- Editing video: 3.5/5
- Selection of templated title cards
Resting above your first video track is the ‘Add text’ option. Back in the day, this meant writing in a text box on the video and changing the font. It’s a little more advanced these days.
With titles in Clipchamp, you choose between a decent range of templated titles. Not as many as we’d like, however. As with videos, click the Plus to add to the timeline. Editing them down follows the same process, too, grabbing the handles at either end to lengthen or shorten the title’s run-time.
To alter the actual text, double-click the text style. This opens a new pane to write your own copy and to alter the font. Note, custom fonts are only available through the Brand Kit, available to subscribers.
- Titles: 4/5
Clipchamp: Tools & transitions
- Lots of tools, but only traditional transitions
We knew that Clipchamp wasn’t built for professional video editors. That means the toolkit is, frankly, a lot lighter than you’ll find in Apple Final Cut Pro and the like. And if you’re looking for the sort of tool with built-inVFX software, you’ll have better luck elsewhere. But it’s not completely barren. There’s certainly enough here for most general users.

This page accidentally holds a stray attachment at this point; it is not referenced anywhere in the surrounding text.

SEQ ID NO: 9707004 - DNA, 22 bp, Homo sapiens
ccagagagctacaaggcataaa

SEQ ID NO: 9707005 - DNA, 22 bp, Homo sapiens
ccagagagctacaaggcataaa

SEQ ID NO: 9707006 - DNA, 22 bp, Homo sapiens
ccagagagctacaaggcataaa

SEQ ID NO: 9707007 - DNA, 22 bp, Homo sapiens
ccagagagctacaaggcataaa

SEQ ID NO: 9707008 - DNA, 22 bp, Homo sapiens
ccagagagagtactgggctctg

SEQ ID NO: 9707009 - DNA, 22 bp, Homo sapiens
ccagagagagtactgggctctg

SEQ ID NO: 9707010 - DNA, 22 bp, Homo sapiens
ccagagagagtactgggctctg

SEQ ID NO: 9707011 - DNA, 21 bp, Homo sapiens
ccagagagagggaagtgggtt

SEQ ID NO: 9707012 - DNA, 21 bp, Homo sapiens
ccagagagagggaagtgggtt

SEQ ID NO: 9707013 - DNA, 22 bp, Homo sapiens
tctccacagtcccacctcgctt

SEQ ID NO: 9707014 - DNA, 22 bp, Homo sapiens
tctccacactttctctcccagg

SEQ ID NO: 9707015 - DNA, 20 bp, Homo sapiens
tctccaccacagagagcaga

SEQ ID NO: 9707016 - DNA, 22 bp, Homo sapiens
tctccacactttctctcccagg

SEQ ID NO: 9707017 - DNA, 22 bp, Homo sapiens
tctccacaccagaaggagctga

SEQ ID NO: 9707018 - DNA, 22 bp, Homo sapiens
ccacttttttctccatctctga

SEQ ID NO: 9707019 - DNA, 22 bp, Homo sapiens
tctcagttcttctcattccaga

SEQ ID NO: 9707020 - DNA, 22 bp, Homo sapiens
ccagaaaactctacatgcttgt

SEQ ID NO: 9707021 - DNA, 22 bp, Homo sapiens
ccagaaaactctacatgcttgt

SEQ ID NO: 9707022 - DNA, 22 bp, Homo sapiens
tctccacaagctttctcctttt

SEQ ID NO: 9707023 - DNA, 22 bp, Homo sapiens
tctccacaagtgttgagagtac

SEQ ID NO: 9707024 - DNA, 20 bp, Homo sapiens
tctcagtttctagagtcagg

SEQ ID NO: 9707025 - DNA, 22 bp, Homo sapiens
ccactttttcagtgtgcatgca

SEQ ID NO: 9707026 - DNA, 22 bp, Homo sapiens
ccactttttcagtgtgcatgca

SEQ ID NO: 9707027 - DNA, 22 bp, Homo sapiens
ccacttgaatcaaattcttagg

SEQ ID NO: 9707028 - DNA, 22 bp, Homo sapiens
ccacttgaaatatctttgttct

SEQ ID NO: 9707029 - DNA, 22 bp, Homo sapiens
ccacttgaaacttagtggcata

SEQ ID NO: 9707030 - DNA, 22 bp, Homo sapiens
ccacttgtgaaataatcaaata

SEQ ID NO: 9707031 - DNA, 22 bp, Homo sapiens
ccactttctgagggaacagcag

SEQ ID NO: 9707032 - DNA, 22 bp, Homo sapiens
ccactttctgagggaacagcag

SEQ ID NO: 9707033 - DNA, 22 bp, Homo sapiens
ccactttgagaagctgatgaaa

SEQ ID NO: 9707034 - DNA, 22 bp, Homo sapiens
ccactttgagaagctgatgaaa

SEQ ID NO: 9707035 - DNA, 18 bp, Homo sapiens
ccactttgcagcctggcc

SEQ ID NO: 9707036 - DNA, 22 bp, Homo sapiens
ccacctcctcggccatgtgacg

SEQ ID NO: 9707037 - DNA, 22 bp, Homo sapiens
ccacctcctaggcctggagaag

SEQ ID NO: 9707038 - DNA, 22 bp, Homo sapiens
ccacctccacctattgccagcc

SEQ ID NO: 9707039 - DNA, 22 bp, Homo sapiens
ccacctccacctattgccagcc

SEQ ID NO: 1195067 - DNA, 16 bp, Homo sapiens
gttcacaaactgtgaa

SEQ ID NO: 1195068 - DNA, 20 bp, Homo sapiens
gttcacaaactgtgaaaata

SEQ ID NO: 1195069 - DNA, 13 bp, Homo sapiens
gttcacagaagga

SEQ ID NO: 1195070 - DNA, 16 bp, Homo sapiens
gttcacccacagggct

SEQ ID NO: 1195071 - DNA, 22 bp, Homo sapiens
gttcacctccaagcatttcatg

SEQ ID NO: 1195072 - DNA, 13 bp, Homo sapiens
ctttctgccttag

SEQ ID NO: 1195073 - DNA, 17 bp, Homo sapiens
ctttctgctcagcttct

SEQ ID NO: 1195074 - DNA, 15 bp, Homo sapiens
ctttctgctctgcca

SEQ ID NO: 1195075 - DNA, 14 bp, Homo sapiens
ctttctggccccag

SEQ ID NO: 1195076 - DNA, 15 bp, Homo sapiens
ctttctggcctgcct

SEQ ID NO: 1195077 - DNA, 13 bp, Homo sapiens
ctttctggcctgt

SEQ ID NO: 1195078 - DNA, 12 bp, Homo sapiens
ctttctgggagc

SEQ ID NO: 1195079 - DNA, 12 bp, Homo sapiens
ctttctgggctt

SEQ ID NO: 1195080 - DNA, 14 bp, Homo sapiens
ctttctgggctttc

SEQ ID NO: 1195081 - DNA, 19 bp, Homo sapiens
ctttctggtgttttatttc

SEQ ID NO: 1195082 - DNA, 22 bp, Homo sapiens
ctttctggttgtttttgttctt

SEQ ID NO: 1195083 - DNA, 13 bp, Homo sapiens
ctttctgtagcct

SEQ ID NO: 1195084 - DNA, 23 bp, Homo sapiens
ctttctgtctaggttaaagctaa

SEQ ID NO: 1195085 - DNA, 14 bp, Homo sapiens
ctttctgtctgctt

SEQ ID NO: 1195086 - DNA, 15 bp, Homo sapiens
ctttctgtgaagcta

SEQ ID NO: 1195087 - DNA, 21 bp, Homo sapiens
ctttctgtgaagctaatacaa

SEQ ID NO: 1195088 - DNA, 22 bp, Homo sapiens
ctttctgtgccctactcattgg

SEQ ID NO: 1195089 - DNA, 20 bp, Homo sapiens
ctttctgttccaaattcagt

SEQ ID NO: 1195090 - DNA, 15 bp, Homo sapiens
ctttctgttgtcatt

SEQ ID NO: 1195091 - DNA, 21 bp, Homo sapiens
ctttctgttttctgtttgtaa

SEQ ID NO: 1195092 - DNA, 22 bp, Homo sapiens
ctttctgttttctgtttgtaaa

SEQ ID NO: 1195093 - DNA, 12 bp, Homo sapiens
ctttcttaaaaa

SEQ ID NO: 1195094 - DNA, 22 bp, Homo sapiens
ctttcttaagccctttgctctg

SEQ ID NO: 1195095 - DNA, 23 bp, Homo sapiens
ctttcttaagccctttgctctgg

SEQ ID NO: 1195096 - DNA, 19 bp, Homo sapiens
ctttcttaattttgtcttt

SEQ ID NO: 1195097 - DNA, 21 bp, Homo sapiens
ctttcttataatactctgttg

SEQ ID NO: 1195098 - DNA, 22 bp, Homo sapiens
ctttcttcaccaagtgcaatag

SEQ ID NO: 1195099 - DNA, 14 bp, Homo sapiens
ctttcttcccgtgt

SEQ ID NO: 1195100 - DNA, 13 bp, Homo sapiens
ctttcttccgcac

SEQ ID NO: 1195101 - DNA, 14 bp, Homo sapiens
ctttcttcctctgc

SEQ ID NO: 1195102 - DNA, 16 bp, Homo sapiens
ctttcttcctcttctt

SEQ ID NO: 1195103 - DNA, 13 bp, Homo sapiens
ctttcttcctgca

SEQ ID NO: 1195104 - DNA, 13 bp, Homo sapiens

First, a great addition: make videos more accessible with auto-captions or add your own by hand. There’s some decent control here, with an excellent language library, including 15 global variations of English, and an optional profanity filter. Processing is quick, and once generated, you can view the transcript in the side-panel. Selecting a word takes you to that point in the video; double-clicking lets you edit it. Captions can be downloaded as SRT files.
The video editor houses what could best be described as a fair selection of transitions. Wipes and fades, mostly, of the type you’ve seen many times before. Many of them feel slightly Star Wars-y, as they tend to be in free video editors (and not-so-free ones, to be fair). Some are locked behind the subscription upgrade, and they show a bit more promise. To set a transition, just pull it between two clips.
- Tools & transitions: 4/5
Clipchamp: Stock libraries
- Well-stocked libraries of images, videos, graphics, and audios
There are a range of asset libraries available to Clipchamp users: stock images, stock videos, graphics & illustrations, and music samples & SFX. It’s standard stuff, really, but a nice touch for those who will need these on-hand during bulk video production, or those who just want to add a touch of professionalism to their films.
Like Canva, many of these stock assets are paywalled – you can spot these with the gold diamond icon. However, with the exception of vector graphics and illustrations, stock libraries aren’t nearly as generous as Canva. There’s no way to even preview premium assets in your video before committing to purchase.